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Drugs, Delegation, and Isomers

I have been very skeptical of laws that delegate the power to define crimes to administrative agencies.  The case of United States v. Kelly, No. 16-10460, decided today by the Ninth Circuit, illustrates why it is sometimes necessary to let agencies fill in some of the blanks.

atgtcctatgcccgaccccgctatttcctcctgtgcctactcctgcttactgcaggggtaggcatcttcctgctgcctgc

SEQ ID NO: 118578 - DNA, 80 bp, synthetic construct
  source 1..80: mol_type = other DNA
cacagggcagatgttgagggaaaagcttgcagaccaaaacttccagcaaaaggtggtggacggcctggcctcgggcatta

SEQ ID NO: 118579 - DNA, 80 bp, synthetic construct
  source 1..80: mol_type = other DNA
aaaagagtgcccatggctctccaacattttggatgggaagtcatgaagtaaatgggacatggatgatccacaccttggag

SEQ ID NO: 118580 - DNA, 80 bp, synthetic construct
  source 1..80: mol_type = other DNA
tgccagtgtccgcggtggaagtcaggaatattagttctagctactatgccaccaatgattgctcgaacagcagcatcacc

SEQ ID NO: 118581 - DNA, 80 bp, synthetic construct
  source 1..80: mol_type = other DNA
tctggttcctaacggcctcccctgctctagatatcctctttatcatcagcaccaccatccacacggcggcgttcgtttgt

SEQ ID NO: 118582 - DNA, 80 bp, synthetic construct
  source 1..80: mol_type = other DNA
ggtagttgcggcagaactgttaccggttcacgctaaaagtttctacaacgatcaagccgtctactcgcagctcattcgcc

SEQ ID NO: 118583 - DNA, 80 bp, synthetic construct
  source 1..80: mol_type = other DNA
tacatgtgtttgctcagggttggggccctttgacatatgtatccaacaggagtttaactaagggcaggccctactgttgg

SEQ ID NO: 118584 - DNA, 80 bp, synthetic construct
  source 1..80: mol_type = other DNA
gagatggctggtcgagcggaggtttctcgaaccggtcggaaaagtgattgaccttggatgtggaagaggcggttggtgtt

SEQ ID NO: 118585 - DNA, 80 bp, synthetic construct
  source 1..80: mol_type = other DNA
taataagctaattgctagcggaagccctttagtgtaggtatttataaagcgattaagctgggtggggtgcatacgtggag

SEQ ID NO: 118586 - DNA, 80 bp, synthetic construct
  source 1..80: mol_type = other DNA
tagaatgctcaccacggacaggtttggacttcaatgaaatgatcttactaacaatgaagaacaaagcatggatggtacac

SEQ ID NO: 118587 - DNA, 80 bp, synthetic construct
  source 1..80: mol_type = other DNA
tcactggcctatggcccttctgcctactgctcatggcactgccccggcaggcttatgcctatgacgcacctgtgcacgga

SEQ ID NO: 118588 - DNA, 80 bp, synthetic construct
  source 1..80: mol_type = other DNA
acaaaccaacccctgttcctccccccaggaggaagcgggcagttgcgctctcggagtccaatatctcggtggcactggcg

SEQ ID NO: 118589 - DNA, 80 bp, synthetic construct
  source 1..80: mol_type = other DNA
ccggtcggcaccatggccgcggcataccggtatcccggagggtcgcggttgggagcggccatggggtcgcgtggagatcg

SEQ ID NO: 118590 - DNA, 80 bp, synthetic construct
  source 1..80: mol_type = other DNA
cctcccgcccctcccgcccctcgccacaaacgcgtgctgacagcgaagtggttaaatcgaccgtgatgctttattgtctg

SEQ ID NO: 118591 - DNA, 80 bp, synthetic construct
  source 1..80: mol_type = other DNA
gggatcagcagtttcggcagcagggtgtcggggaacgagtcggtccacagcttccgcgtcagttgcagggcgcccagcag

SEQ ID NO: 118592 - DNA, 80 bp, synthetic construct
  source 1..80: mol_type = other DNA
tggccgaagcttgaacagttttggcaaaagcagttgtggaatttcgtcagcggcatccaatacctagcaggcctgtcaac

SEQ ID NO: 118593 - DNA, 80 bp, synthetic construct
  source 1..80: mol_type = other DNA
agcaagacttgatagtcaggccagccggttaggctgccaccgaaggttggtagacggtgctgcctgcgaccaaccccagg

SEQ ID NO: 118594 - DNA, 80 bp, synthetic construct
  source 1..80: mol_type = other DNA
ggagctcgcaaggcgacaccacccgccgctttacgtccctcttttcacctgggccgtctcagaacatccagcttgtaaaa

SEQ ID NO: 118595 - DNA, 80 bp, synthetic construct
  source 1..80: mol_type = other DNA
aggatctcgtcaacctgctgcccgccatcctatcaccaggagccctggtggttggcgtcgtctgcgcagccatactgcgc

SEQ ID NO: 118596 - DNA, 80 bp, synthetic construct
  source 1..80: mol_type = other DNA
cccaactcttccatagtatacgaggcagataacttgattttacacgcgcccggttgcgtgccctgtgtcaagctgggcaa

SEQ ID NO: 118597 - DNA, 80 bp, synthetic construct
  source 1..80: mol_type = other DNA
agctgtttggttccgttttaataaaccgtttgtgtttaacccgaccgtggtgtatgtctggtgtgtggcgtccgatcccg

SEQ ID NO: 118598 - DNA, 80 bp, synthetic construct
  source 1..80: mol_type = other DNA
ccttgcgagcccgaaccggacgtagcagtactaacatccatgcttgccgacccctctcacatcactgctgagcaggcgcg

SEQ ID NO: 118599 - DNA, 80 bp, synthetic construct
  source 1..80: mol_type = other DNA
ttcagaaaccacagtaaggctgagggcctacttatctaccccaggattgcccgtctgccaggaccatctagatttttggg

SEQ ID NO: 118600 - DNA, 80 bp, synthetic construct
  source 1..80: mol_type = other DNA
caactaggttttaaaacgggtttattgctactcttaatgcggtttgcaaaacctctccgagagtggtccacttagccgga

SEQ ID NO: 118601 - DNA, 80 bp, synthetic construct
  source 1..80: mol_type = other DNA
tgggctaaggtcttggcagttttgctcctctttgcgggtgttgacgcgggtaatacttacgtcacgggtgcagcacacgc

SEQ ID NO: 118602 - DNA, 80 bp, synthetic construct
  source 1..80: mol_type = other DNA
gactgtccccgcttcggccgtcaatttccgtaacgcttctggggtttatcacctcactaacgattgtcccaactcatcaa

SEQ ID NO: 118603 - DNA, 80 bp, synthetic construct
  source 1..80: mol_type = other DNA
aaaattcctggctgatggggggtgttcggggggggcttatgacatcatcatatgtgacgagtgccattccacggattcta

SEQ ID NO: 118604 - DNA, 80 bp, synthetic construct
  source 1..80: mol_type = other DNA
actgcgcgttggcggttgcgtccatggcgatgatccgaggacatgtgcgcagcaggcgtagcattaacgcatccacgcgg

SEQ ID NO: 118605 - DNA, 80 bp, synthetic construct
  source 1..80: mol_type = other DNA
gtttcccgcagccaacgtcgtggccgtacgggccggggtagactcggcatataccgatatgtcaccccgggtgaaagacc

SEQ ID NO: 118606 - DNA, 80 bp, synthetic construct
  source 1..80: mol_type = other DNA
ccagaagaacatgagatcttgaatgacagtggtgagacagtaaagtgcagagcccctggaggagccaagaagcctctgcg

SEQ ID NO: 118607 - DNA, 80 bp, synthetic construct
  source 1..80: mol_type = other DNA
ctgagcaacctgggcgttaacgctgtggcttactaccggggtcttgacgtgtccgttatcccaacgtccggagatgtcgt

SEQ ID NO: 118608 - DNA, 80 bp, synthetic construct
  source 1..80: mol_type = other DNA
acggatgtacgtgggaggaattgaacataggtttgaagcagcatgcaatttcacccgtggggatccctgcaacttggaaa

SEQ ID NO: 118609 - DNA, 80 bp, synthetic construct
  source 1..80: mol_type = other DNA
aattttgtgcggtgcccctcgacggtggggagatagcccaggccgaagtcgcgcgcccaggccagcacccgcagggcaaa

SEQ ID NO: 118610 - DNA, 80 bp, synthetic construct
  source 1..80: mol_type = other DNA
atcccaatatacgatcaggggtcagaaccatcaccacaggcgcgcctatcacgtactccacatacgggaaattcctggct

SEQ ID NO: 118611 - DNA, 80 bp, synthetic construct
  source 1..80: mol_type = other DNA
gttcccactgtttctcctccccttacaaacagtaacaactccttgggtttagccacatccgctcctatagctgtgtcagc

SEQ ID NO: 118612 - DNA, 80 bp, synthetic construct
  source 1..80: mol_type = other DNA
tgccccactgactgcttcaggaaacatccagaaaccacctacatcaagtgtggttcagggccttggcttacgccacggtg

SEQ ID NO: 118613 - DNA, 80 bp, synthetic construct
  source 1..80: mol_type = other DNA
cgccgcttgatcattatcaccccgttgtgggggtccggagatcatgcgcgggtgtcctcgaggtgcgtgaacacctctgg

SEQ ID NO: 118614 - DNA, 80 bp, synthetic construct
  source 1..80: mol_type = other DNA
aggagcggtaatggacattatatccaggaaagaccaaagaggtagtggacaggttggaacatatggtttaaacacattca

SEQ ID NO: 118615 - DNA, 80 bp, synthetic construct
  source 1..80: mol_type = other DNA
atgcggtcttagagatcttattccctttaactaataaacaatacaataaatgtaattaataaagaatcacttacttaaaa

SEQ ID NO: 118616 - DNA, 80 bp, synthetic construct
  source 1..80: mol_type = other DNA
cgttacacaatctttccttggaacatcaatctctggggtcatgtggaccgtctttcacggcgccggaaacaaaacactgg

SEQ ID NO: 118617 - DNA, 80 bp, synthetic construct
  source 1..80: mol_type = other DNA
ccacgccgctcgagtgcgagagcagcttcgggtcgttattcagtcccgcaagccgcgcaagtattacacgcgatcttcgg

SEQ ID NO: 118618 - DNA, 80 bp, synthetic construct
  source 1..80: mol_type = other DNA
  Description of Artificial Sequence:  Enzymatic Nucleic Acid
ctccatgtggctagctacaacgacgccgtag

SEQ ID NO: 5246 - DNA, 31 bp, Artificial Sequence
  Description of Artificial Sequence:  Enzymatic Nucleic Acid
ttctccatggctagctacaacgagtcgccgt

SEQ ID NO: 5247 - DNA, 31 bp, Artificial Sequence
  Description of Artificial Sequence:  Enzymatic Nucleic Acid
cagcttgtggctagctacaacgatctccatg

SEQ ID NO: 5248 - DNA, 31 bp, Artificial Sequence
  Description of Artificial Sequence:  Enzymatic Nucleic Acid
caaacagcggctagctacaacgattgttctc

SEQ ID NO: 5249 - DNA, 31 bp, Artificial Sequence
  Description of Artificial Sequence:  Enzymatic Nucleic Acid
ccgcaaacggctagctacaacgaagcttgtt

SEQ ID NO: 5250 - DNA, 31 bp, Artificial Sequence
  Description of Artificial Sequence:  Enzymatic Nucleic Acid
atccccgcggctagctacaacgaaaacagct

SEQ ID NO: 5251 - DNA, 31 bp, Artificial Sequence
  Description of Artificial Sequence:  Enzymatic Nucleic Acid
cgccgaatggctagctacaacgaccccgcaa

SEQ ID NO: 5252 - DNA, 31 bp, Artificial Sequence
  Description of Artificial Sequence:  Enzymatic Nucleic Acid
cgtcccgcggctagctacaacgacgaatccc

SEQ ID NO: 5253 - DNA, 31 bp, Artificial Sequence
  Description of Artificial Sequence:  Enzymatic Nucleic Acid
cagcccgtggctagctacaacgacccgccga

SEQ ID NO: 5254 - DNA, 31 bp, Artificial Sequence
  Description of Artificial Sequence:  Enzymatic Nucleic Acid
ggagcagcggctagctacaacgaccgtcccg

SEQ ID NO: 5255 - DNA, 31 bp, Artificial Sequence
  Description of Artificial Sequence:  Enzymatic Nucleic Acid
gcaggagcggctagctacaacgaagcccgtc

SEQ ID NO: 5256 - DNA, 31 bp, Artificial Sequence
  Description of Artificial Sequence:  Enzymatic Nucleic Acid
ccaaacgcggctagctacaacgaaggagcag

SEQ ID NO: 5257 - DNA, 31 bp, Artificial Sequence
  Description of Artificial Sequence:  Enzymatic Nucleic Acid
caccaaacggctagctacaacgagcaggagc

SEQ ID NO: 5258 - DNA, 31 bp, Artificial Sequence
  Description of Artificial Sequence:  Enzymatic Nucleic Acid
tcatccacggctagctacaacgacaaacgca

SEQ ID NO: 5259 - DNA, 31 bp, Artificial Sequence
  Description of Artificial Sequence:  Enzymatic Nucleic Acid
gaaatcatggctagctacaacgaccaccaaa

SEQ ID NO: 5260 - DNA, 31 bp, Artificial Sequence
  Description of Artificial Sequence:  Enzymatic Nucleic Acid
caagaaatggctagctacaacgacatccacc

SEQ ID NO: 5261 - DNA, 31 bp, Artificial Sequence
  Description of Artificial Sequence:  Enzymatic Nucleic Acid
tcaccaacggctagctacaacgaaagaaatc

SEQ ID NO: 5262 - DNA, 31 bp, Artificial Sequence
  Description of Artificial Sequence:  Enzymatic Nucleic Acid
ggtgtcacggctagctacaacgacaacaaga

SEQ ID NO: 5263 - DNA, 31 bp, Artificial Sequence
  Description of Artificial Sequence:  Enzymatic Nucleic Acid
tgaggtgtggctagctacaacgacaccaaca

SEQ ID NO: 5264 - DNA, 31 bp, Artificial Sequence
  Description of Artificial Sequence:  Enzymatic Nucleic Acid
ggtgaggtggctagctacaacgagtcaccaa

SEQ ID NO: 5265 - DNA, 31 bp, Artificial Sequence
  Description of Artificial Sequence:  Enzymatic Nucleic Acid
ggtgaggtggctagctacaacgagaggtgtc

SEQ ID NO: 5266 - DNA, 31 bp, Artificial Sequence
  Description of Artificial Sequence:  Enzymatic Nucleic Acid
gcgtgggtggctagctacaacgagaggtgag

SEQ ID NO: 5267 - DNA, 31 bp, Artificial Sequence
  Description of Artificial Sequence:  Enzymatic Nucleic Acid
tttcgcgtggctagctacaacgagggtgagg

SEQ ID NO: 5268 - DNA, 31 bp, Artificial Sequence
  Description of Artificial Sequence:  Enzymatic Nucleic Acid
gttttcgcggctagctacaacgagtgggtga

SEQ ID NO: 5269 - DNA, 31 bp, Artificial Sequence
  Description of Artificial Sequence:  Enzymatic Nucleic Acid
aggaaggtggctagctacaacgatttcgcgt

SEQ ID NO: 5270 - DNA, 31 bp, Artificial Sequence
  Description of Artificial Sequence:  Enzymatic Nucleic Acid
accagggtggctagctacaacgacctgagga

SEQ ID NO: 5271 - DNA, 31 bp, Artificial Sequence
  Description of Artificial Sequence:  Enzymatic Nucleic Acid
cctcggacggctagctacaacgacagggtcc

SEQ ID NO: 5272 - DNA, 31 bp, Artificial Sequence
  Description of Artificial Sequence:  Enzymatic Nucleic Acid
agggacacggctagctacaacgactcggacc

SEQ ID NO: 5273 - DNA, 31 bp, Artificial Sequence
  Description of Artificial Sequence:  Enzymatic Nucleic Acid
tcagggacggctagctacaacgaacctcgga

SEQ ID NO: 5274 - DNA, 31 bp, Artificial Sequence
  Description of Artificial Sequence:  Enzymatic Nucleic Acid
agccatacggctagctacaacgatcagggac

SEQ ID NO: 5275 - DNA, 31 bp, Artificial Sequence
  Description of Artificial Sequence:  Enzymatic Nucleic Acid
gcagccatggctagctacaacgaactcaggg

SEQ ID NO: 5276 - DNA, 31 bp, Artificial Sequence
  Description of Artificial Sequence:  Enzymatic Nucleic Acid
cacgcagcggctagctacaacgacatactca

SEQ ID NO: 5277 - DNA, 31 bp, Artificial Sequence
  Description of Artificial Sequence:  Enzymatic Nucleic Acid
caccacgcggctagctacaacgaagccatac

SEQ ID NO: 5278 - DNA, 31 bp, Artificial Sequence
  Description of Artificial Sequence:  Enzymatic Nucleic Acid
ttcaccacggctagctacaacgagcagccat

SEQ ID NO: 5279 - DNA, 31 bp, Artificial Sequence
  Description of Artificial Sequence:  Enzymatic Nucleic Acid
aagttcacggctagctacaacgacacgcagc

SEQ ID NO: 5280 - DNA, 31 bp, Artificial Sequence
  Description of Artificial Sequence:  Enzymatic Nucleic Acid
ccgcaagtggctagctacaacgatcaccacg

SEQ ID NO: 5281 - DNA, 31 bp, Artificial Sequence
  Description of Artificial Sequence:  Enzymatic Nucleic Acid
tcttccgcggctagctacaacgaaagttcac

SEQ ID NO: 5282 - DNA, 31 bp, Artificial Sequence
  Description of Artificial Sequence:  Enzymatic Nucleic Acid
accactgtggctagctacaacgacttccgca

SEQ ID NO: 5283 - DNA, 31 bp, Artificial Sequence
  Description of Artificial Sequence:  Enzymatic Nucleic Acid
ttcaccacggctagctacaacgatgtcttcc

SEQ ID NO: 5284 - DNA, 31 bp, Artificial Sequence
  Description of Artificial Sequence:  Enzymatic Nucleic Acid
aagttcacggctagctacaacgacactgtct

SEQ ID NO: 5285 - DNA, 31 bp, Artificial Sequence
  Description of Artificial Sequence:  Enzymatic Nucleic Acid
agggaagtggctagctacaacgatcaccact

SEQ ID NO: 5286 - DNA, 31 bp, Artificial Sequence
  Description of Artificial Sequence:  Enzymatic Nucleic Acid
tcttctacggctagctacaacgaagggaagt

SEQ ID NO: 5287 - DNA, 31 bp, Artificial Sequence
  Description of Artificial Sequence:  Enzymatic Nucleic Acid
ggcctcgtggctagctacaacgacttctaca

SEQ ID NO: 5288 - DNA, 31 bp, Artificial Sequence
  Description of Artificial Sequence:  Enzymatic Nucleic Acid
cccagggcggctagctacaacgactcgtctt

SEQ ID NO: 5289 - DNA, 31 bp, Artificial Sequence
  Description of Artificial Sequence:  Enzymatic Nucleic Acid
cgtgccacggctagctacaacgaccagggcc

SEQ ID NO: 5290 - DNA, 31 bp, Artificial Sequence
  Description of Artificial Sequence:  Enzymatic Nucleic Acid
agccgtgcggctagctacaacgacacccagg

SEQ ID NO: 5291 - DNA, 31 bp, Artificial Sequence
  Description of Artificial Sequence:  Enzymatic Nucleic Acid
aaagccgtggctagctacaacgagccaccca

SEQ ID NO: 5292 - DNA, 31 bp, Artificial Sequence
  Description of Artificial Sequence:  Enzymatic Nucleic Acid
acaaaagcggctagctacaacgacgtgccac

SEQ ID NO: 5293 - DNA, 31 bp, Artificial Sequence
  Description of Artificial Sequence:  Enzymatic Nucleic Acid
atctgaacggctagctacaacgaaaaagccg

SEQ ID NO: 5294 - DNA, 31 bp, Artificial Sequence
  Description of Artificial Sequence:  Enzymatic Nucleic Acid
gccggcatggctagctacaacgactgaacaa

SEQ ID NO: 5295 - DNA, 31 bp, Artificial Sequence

Congress moves so slowly that it could not possibly keep up with the illicit chemists who design new and dangerous drugs.  Some amount of authority must necessarily be delegated.
The opinion contains enough organic chemistry to make my eyes glaze over.  (That doesn't take much.  Avoiding organic was a substantial factor in my decision to major in physics and not chemistry.)

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